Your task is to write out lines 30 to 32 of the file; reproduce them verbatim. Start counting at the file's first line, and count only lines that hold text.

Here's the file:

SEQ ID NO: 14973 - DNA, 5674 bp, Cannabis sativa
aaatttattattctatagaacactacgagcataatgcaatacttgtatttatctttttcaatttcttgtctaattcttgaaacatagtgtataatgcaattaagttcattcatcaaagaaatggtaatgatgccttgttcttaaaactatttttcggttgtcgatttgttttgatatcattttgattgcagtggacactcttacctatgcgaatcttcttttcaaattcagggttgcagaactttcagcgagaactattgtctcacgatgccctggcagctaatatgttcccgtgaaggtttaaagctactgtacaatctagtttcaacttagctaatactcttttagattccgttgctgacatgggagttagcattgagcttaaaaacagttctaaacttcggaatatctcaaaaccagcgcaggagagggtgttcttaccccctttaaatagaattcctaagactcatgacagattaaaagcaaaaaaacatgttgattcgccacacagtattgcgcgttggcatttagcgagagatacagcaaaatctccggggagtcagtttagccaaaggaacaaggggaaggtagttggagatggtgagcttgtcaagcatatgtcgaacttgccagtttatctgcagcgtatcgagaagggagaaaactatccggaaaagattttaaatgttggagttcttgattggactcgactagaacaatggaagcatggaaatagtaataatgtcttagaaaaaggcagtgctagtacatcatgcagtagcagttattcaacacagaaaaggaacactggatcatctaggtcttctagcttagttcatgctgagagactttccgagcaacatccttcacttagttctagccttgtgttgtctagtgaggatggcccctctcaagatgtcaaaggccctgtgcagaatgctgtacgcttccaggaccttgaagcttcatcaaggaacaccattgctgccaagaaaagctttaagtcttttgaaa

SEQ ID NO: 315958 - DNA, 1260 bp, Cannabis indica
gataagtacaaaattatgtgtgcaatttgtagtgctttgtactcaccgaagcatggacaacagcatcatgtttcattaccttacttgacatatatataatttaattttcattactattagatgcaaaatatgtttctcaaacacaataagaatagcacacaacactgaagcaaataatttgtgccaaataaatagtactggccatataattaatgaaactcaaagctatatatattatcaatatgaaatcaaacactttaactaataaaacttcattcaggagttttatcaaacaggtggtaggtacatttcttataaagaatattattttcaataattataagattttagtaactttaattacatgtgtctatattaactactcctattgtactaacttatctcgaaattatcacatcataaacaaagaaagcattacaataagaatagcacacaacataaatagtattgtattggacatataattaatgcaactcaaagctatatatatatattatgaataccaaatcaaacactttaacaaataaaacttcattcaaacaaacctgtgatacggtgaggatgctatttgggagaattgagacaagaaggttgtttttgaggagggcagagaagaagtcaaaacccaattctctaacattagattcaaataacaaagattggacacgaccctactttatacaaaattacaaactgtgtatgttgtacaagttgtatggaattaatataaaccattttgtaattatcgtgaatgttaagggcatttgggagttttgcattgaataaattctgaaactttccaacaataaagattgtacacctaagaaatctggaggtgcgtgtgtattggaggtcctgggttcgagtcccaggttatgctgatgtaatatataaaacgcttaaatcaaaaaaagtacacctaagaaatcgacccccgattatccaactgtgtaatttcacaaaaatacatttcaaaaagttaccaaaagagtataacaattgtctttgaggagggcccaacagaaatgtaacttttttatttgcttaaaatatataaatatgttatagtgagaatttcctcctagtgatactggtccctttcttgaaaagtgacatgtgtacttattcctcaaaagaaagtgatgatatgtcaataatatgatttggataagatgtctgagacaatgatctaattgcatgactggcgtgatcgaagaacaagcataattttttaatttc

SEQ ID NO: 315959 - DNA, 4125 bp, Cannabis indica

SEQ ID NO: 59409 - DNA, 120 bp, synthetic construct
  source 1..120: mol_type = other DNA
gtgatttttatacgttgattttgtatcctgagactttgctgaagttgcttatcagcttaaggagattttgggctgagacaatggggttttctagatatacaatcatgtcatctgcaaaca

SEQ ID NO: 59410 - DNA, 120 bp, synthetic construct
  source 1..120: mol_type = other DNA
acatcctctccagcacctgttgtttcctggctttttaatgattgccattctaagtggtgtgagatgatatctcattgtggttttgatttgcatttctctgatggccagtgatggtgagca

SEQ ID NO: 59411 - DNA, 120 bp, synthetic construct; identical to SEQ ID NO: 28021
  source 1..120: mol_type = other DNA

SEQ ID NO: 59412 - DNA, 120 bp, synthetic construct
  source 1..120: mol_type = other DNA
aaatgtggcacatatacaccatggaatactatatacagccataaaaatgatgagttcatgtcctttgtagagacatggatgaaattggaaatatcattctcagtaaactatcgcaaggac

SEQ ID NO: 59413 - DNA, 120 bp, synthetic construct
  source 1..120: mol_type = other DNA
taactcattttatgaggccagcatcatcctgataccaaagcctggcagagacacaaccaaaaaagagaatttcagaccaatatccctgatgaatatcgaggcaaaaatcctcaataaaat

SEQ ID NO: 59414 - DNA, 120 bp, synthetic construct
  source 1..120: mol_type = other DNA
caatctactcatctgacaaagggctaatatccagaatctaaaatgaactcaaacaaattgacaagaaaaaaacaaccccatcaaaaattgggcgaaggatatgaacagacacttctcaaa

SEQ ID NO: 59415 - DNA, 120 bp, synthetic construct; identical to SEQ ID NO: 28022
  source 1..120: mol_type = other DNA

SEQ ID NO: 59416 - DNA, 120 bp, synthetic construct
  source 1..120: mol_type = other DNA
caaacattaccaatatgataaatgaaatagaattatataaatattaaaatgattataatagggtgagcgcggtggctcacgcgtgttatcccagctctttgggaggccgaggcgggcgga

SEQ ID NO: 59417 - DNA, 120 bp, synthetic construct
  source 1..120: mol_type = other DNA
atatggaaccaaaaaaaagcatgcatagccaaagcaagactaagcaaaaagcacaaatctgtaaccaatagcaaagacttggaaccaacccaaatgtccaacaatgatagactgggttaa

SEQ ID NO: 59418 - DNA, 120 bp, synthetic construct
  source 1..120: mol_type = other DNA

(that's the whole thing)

atatggaaccaaaaaaaagcatgcatagccaaagcaagactaagcaaaaagcacaaatctgtaaccaatagcaaagacttggaaccaacccaaatgtccaacaatgatagactgggttaa

SEQ ID NO: 59418 - DNA, 120 bp, synthetic construct
  source 1..120: mol_type = other DNA